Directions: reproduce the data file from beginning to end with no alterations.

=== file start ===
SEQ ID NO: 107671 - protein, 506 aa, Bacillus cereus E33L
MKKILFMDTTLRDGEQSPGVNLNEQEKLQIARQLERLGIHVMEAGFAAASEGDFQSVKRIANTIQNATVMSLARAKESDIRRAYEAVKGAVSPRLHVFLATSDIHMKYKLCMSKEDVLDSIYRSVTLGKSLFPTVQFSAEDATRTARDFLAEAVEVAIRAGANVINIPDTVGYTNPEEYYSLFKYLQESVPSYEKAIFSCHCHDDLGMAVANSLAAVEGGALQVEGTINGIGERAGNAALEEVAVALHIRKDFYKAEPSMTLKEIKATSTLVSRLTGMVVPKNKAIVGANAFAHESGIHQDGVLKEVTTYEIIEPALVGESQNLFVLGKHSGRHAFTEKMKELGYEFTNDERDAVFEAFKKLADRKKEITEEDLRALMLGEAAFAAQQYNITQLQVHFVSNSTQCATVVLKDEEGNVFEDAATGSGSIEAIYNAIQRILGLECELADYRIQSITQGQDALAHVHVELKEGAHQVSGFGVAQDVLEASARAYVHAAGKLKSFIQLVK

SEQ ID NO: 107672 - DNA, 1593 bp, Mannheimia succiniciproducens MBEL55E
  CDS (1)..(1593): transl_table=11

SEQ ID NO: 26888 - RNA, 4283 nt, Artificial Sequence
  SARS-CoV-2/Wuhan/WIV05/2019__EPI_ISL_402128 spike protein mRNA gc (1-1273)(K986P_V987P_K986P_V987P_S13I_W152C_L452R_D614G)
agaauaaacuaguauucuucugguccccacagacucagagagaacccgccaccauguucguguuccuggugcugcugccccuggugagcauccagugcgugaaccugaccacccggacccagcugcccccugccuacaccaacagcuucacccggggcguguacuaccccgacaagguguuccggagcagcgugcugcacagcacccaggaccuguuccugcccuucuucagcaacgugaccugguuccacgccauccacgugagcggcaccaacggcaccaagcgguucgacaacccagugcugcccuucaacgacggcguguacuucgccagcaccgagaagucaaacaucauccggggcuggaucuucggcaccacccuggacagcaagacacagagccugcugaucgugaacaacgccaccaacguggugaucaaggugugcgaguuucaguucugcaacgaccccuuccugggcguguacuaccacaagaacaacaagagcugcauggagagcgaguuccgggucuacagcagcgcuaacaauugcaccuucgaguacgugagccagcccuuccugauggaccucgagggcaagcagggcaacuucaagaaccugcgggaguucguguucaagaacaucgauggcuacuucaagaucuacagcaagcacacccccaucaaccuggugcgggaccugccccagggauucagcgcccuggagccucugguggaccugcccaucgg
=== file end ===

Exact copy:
SEQ ID NO: 107671 - protein, 506 aa, Bacillus cereus E33L
MKKILFMDTTLRDGEQSPGVNLNEQEKLQIARQLERLGIHVMEAGFAAASEGDFQSVKRIANTIQNATVMSLARAKESDIRRAYEAVKGAVSPRLHVFLATSDIHMKYKLCMSKEDVLDSIYRSVTLGKSLFPTVQFSAEDATRTARDFLAEAVEVAIRAGANVINIPDTVGYTNPEEYYSLFKYLQESVPSYEKAIFSCHCHDDLGMAVANSLAAVEGGALQVEGTINGIGERAGNAALEEVAVALHIRKDFYKAEPSMTLKEIKATSTLVSRLTGMVVPKNKAIVGANAFAHESGIHQDGVLKEVTTYEIIEPALVGESQNLFVLGKHSGRHAFTEKMKELGYEFTNDERDAVFEAFKKLADRKKEITEEDLRALMLGEAAFAAQQYNITQLQVHFVSNSTQCATVVLKDEEGNVFEDAATGSGSIEAIYNAIQRILGLECELADYRIQSITQGQDALAHVHVELKEGAHQVSGFGVAQDVLEASARAYVHAAGKLKSFIQLVK

SEQ ID NO: 107672 - DNA, 1593 bp, Mannheimia succiniciproducens MBEL55E
  CDS (1)..(1593): transl_table=11

SEQ ID NO: 26888 - RNA, 4283 nt, Artificial Sequence
  SARS-CoV-2/Wuhan/WIV05/2019__EPI_ISL_402128 spike protein mRNA gc (1-1273)(K986P_V987P_K986P_V987P_S13I_W152C_L452R_D614G)
agaauaaacuaguauucuucugguccccacagacucagagagaacccgccaccauguucguguuccuggugcugcugccccuggugagcauccagugcgugaaccugaccacccggacccagcugcccccugccuacaccaacagcuucacccggggcguguacuaccccgacaagguguuccggagcagcgugcugcacagcacccaggaccuguuccugcccuucuucagcaacgugaccugguuccacgccauccacgugagcggcaccaacggcaccaagcgguucgacaacccagugcugcccuucaacgacggcguguacuucgccagcaccgagaagucaaacaucauccggggcuggaucuucggcaccacccuggacagcaagacacagagccugcugaucgugaacaacgccaccaacguggugaucaaggugugcgaguuucaguucugcaacgaccccuuccugggcguguacuaccacaagaacaacaagagcugcauggagagcgaguuccgggucuacagcagcgcuaacaauugcaccuucgaguacgugagccagcccuuccugauggaccucgagggcaagcagggcaacuucaagaaccugcgggaguucguguucaagaacaucgauggcuacuucaagaucuacagcaagcacacccccaucaaccuggugcgggaccugccccagggauucagcgcccuggagccucugguggaccugcccaucgg